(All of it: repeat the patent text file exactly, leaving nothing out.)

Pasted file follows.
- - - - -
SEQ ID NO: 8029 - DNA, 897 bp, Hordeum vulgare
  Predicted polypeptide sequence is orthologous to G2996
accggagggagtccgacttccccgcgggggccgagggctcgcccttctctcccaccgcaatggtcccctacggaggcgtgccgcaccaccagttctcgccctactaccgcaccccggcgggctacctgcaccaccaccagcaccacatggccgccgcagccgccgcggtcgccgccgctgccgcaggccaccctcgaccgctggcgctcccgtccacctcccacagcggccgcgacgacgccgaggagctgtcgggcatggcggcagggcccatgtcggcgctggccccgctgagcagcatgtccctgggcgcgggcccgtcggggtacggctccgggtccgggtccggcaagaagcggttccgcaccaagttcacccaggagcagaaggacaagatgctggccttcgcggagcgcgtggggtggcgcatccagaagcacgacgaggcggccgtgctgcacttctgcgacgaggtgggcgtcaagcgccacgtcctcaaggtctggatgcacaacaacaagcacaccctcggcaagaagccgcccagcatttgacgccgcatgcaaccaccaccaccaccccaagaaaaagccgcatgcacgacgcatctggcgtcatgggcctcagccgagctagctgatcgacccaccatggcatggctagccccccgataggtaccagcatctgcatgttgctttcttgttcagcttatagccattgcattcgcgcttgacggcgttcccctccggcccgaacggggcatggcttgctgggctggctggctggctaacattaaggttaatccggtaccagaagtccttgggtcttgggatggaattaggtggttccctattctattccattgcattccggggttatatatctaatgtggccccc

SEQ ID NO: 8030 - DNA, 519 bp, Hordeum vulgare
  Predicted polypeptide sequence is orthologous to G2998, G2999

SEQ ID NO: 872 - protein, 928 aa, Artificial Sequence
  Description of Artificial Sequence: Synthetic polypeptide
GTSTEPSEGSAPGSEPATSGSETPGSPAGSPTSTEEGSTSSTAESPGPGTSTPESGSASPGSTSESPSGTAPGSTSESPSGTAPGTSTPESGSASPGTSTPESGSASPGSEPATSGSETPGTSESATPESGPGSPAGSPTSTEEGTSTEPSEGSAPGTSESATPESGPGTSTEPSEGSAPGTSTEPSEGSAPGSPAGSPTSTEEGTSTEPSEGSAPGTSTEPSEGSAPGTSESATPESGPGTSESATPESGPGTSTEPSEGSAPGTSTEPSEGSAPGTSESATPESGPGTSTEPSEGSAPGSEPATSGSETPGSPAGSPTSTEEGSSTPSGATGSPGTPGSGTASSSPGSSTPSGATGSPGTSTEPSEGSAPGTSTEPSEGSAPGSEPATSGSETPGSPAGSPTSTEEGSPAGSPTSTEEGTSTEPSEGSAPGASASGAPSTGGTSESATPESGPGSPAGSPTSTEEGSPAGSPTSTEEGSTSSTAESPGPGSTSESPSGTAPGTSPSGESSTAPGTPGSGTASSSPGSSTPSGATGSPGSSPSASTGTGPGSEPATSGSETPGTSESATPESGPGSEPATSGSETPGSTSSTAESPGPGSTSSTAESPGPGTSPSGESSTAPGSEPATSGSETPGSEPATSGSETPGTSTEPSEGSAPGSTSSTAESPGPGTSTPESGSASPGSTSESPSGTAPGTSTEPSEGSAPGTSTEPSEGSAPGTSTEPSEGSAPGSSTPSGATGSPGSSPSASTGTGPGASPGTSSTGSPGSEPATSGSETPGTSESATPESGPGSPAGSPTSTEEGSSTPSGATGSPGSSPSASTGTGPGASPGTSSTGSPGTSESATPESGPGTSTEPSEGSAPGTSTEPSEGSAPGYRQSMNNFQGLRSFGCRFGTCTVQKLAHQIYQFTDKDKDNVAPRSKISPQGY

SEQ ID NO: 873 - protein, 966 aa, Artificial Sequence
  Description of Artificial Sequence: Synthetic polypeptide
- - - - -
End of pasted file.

SEQ ID NO: 8029 - DNA, 897 bp, Hordeum vulgare
  Predicted polypeptide sequence is orthologous to G2996
accggagggagtccgacttccccgcgggggccgagggctcgcccttctctcccaccgcaatggtcccctacggaggcgtgccgcaccaccagttctcgccctactaccgcaccccggcgggctacctgcaccaccaccagcaccacatggccgccgcagccgccgcggtcgccgccgctgccgcaggccaccctcgaccgctggcgctcccgtccacctcccacagcggccgcgacgacgccgaggagctgtcgggcatggcggcagggcccatgtcggcgctggccccgctgagcagcatgtccctgggcgcgggcccgtcggggtacggctccgggtccgggtccggcaagaagcggttccgcaccaagttcacccaggagcagaaggacaagatgctggccttcgcggagcgcgtggggtggcgcatccagaagcacgacgaggcggccgtgctgcacttctgcgacgaggtgggcgtcaagcgccacgtcctcaaggtctggatgcacaacaacaagcacaccctcggcaagaagccgcccagcatttgacgccgcatgcaaccaccaccaccaccccaagaaaaagccgcatgcacgacgcatctggcgtcatgggcctcagccgagctagctgatcgacccaccatggcatggctagccccccgataggtaccagcatctgcatgttgctttcttgttcagcttatagccattgcattcgcgcttgacggcgttcccctccggcccgaacggggcatggcttgctgggctggctggctggctaacattaaggttaatccggtaccagaagtccttgggtcttgggatggaattaggtggttccctattctattccattgcattccggggttatatatctaatgtggccccc

SEQ ID NO: 8030 - DNA, 519 bp, Hordeum vulgare
  Predicted polypeptide sequence is orthologous to G2998, G2999

SEQ ID NO: 872 - protein, 928 aa, Artificial Sequence
  Description of Artificial Sequence: Synthetic polypeptide
GTSTEPSEGSAPGSEPATSGSETPGSPAGSPTSTEEGSTSSTAESPGPGTSTPESGSASPGSTSESPSGTAPGSTSESPSGTAPGTSTPESGSASPGTSTPESGSASPGSEPATSGSETPGTSESATPESGPGSPAGSPTSTEEGTSTEPSEGSAPGTSESATPESGPGTSTEPSEGSAPGTSTEPSEGSAPGSPAGSPTSTEEGTSTEPSEGSAPGTSTEPSEGSAPGTSESATPESGPGTSESATPESGPGTSTEPSEGSAPGTSTEPSEGSAPGTSESATPESGPGTSTEPSEGSAPGSEPATSGSETPGSPAGSPTSTEEGSSTPSGATGSPGTPGSGTASSSPGSSTPSGATGSPGTSTEPSEGSAPGTSTEPSEGSAPGSEPATSGSETPGSPAGSPTSTEEGSPAGSPTSTEEGTSTEPSEGSAPGASASGAPSTGGTSESATPESGPGSPAGSPTSTEEGSPAGSPTSTEEGSTSSTAESPGPGSTSESPSGTAPGTSPSGESSTAPGTPGSGTASSSPGSSTPSGATGSPGSSPSASTGTGPGSEPATSGSETPGTSESATPESGPGSEPATSGSETPGSTSSTAESPGPGSTSSTAESPGPGTSPSGESSTAPGSEPATSGSETPGSEPATSGSETPGTSTEPSEGSAPGSTSSTAESPGPGTSTPESGSASPGSTSESPSGTAPGTSTEPSEGSAPGTSTEPSEGSAPGTSTEPSEGSAPGSSTPSGATGSPGSSPSASTGTGPGASPGTSSTGSPGSEPATSGSETPGTSESATPESGPGSPAGSPTSTEEGSSTPSGATGSPGSSPSASTGTGPGASPGTSSTGSPGTSESATPESGPGTSTEPSEGSAPGTSTEPSEGSAPGYRQSMNNFQGLRSFGCRFGTCTVQKLAHQIYQFTDKDKDNVAPRSKISPQGY

SEQ ID NO: 873 - protein, 966 aa, Artificial Sequence
  Description of Artificial Sequence: Synthetic polypeptide